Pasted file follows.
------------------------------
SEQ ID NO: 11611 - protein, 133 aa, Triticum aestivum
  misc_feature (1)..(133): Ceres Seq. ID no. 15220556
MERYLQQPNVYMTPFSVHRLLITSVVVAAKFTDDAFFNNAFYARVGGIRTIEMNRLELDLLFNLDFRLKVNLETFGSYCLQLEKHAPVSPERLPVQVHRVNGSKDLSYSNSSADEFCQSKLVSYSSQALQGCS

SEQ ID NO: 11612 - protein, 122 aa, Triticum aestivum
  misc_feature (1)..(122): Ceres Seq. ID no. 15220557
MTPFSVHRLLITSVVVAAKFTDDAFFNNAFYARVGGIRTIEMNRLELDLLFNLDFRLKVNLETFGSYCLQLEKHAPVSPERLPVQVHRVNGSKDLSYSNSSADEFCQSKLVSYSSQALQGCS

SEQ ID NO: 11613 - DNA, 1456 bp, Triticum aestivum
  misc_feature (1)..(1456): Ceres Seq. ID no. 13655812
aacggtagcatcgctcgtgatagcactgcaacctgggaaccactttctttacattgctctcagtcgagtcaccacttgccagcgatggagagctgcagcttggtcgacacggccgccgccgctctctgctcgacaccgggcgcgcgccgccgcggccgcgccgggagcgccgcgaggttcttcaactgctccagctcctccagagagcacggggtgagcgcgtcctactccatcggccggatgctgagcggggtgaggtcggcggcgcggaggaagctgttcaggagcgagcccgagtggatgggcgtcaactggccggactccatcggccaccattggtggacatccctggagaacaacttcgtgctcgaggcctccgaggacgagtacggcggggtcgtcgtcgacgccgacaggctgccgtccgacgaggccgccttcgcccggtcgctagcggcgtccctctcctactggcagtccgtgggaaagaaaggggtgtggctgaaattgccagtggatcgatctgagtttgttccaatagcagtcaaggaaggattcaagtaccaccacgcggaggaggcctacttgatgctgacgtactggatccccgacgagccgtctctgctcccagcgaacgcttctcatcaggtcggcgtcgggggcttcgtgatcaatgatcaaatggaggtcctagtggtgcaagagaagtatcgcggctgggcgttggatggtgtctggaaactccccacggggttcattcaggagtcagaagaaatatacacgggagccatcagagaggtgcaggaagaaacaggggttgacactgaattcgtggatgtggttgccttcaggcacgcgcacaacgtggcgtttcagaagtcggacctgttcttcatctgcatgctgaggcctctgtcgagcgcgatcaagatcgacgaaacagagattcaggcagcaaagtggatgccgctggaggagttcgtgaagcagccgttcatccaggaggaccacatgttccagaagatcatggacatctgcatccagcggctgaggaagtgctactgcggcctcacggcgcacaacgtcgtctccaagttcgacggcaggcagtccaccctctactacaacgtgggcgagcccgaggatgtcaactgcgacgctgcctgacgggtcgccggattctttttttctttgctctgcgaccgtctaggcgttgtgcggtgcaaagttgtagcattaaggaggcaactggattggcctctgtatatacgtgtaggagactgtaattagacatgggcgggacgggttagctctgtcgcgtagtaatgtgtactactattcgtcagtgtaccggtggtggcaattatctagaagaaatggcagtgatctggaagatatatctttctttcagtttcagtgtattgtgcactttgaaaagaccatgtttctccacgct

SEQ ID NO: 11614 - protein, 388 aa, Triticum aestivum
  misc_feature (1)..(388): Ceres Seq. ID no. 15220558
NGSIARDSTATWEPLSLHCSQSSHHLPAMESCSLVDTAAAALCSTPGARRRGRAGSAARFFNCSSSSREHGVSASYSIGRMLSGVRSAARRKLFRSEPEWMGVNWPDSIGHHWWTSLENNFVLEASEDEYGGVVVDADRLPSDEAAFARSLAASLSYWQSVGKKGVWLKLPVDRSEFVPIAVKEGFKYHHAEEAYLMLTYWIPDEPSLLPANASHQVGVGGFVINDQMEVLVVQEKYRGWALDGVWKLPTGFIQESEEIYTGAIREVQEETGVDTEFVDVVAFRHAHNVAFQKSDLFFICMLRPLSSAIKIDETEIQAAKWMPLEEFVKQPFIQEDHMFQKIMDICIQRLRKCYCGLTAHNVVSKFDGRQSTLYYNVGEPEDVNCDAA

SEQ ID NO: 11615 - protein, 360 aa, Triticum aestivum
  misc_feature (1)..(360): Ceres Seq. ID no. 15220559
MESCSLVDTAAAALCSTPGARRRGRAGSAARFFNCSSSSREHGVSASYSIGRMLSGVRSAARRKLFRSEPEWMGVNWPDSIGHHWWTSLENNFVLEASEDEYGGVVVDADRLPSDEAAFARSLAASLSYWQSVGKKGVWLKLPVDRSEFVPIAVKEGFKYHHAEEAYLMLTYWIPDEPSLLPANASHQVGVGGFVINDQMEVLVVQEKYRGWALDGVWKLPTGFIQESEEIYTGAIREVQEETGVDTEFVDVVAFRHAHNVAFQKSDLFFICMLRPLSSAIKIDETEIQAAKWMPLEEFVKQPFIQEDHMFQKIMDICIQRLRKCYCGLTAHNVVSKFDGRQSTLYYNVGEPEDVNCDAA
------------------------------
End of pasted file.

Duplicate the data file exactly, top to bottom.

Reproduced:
SEQ ID NO: 11611 - protein, 133 aa, Triticum aestivum
  misc_feature (1)..(133): Ceres Seq. ID no. 15220556
MERYLQQPNVYMTPFSVHRLLITSVVVAAKFTDDAFFNNAFYARVGGIRTIEMNRLELDLLFNLDFRLKVNLETFGSYCLQLEKHAPVSPERLPVQVHRVNGSKDLSYSNSSADEFCQSKLVSYSSQALQGCS

SEQ ID NO: 11612 - protein, 122 aa, Triticum aestivum
  misc_feature (1)..(122): Ceres Seq. ID no. 15220557
MTPFSVHRLLITSVVVAAKFTDDAFFNNAFYARVGGIRTIEMNRLELDLLFNLDFRLKVNLETFGSYCLQLEKHAPVSPERLPVQVHRVNGSKDLSYSNSSADEFCQSKLVSYSSQALQGCS

SEQ ID NO: 11613 - DNA, 1456 bp, Triticum aestivum
  misc_feature (1)..(1456): Ceres Seq. ID no. 13655812
aacggtagcatcgctcgtgatagcactgcaacctgggaaccactttctttacattgctctcagtcgagtcaccacttgccagcgatggagagctgcagcttggtcgacacggccgccgccgctctctgctcgacaccgggcgcgcgccgccgcggccgcgccgggagcgccgcgaggttcttcaactgctccagctcctccagagagcacggggtgagcgcgtcctactccatcggccggatgctgagcggggtgaggtcggcggcgcggaggaagctgttcaggagcgagcccgagtggatgggcgtcaactggccggactccatcggccaccattggtggacatccctggagaacaacttcgtgctcgaggcctccgaggacgagtacggcggggtcgtcgtcgacgccgacaggctgccgtccgacgaggccgccttcgcccggtcgctagcggcgtccctctcctactggcagtccgtgggaaagaaaggggtgtggctgaaattgccagtggatcgatctgagtttgttccaatagcagtcaaggaaggattcaagtaccaccacgcggaggaggcctacttgatgctgacgtactggatccccgacgagccgtctctgctcccagcgaacgcttctcatcaggtcggcgtcgggggcttcgtgatcaatgatcaaatggaggtcctagtggtgcaagagaagtatcgcggctgggcgttggatggtgtctggaaactccccacggggttcattcaggagtcagaagaaatatacacgggagccatcagagaggtgcaggaagaaacaggggttgacactgaattcgtggatgtggttgccttcaggcacgcgcacaacgtggcgtttcagaagtcggacctgttcttcatctgcatgctgaggcctctgtcgagcgcgatcaagatcgacgaaacagagattcaggcagcaaagtggatgccgctggaggagttcgtgaagcagccgttcatccaggaggaccacatgttccagaagatcatggacatctgcatccagcggctgaggaagtgctactgcggcctcacggcgcacaacgtcgtctccaagttcgacggcaggcagtccaccctctactacaacgtgggcgagcccgaggatgtcaactgcgacgctgcctgacgggtcgccggattctttttttctttgctctgcgaccgtctaggcgttgtgcggtgcaaagttgtagcattaaggaggcaactggattggcctctgtatatacgtgtaggagactgtaattagacatgggcgggacgggttagctctgtcgcgtagtaatgtgtactactattcgtcagtgtaccggtggtggcaattatctagaagaaatggcagtgatctggaagatatatctttctttcagtttcagtgtattgtgcactttgaaaagaccatgtttctccacgct

SEQ ID NO: 11614 - protein, 388 aa, Triticum aestivum
  misc_feature (1)..(388): Ceres Seq. ID no. 15220558
NGSIARDSTATWEPLSLHCSQSSHHLPAMESCSLVDTAAAALCSTPGARRRGRAGSAARFFNCSSSSREHGVSASYSIGRMLSGVRSAARRKLFRSEPEWMGVNWPDSIGHHWWTSLENNFVLEASEDEYGGVVVDADRLPSDEAAFARSLAASLSYWQSVGKKGVWLKLPVDRSEFVPIAVKEGFKYHHAEEAYLMLTYWIPDEPSLLPANASHQVGVGGFVINDQMEVLVVQEKYRGWALDGVWKLPTGFIQESEEIYTGAIREVQEETGVDTEFVDVVAFRHAHNVAFQKSDLFFICMLRPLSSAIKIDETEIQAAKWMPLEEFVKQPFIQEDHMFQKIMDICIQRLRKCYCGLTAHNVVSKFDGRQSTLYYNVGEPEDVNCDAA

SEQ ID NO: 11615 - protein, 360 aa, Triticum aestivum
  misc_feature (1)..(360): Ceres Seq. ID no. 15220559
MESCSLVDTAAAALCSTPGARRRGRAGSAARFFNCSSSSREHGVSASYSIGRMLSGVRSAARRKLFRSEPEWMGVNWPDSIGHHWWTSLENNFVLEASEDEYGGVVVDADRLPSDEAAFARSLAASLSYWQSVGKKGVWLKLPVDRSEFVPIAVKEGFKYHHAEEAYLMLTYWIPDEPSLLPANASHQVGVGGFVINDQMEVLVVQEKYRGWALDGVWKLPTGFIQESEEIYTGAIREVQEETGVDTEFVDVVAFRHAHNVAFQKSDLFFICMLRPLSSAIKIDETEIQAAKWMPLEEFVKQPFIQEDHMFQKIMDICIQRLRKCYCGLTAHNVVSKFDGRQSTLYYNVGEPEDVNCDAA